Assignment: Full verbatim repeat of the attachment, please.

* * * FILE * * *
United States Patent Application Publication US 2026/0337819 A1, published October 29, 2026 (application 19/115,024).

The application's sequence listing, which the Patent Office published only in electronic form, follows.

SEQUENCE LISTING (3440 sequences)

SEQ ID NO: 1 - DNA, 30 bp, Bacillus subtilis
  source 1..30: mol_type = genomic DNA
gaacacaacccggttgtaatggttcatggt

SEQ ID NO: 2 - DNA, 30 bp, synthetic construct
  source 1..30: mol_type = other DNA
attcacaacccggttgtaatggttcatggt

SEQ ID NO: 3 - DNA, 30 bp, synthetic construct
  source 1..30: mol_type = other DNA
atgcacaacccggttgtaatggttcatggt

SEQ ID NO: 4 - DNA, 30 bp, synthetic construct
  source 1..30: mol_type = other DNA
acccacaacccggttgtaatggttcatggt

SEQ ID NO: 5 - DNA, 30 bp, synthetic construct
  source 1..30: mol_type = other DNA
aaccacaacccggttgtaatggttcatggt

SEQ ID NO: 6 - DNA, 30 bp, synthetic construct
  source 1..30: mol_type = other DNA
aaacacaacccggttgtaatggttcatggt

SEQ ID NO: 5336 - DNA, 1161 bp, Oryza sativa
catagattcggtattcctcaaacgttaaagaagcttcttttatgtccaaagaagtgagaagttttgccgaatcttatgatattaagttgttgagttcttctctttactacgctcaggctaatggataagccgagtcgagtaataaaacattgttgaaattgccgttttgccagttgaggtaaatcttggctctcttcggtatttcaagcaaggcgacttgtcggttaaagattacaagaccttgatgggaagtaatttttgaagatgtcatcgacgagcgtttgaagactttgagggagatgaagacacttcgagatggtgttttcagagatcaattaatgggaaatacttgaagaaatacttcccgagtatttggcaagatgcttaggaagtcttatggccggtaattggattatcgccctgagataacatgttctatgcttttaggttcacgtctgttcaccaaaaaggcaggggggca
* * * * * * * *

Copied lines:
United States Patent Application Publication US 2026/0337819 A1, published October 29, 2026 (application 19/115,024).

The application's sequence listing, which the Patent Office published only in electronic form, follows.

SEQUENCE LISTING (3440 sequences)

SEQ ID NO: 1 - DNA, 30 bp, Bacillus subtilis
  source 1..30: mol_type = genomic DNA
gaacacaacccggttgtaatggttcatggt

SEQ ID NO: 2 - DNA, 30 bp, synthetic construct
  source 1..30: mol_type = other DNA
attcacaacccggttgtaatggttcatggt

SEQ ID NO: 3 - DNA, 30 bp, synthetic construct
  source 1..30: mol_type = other DNA
atgcacaacccggttgtaatggttcatggt

SEQ ID NO: 4 - DNA, 30 bp, synthetic construct
  source 1..30: mol_type = other DNA
acccacaacccggttgtaatggttcatggt

SEQ ID NO: 5 - DNA, 30 bp, synthetic construct
  source 1..30: mol_type = other DNA
aaccacaacccggttgtaatggttcatggt

SEQ ID NO: 6 - DNA, 30 bp, synthetic construct
  source 1..30: mol_type = other DNA
aaacacaacccggttgtaatggttcatggt

SEQ ID NO: 5336 - DNA, 1161 bp, Oryza sativa
catagattcggtattcctcaaacgttaaagaagcttcttttatgtccaaagaagtgagaagttttgccgaatcttatgatattaagttgttgagttcttctctttactacgctcaggctaatggataagccgagtcgagtaataaaacattgttgaaattgccgttttgccagttgaggtaaatcttggctctcttcggtatttcaagcaaggcgacttgtcggttaaagattacaagaccttgatgggaagtaatttttgaagatgtcatcgacgagcgtttgaagactttgagggagatgaagacacttcgagatggtgttttcagagatcaattaatgggaaatacttgaagaaatacttcccgagtatttggcaagatgcttaggaagtcttatggccggtaattggattatcgccctgagataacatgttctatgcttttaggttcacgtctgttcaccaaaaaggcaggggggca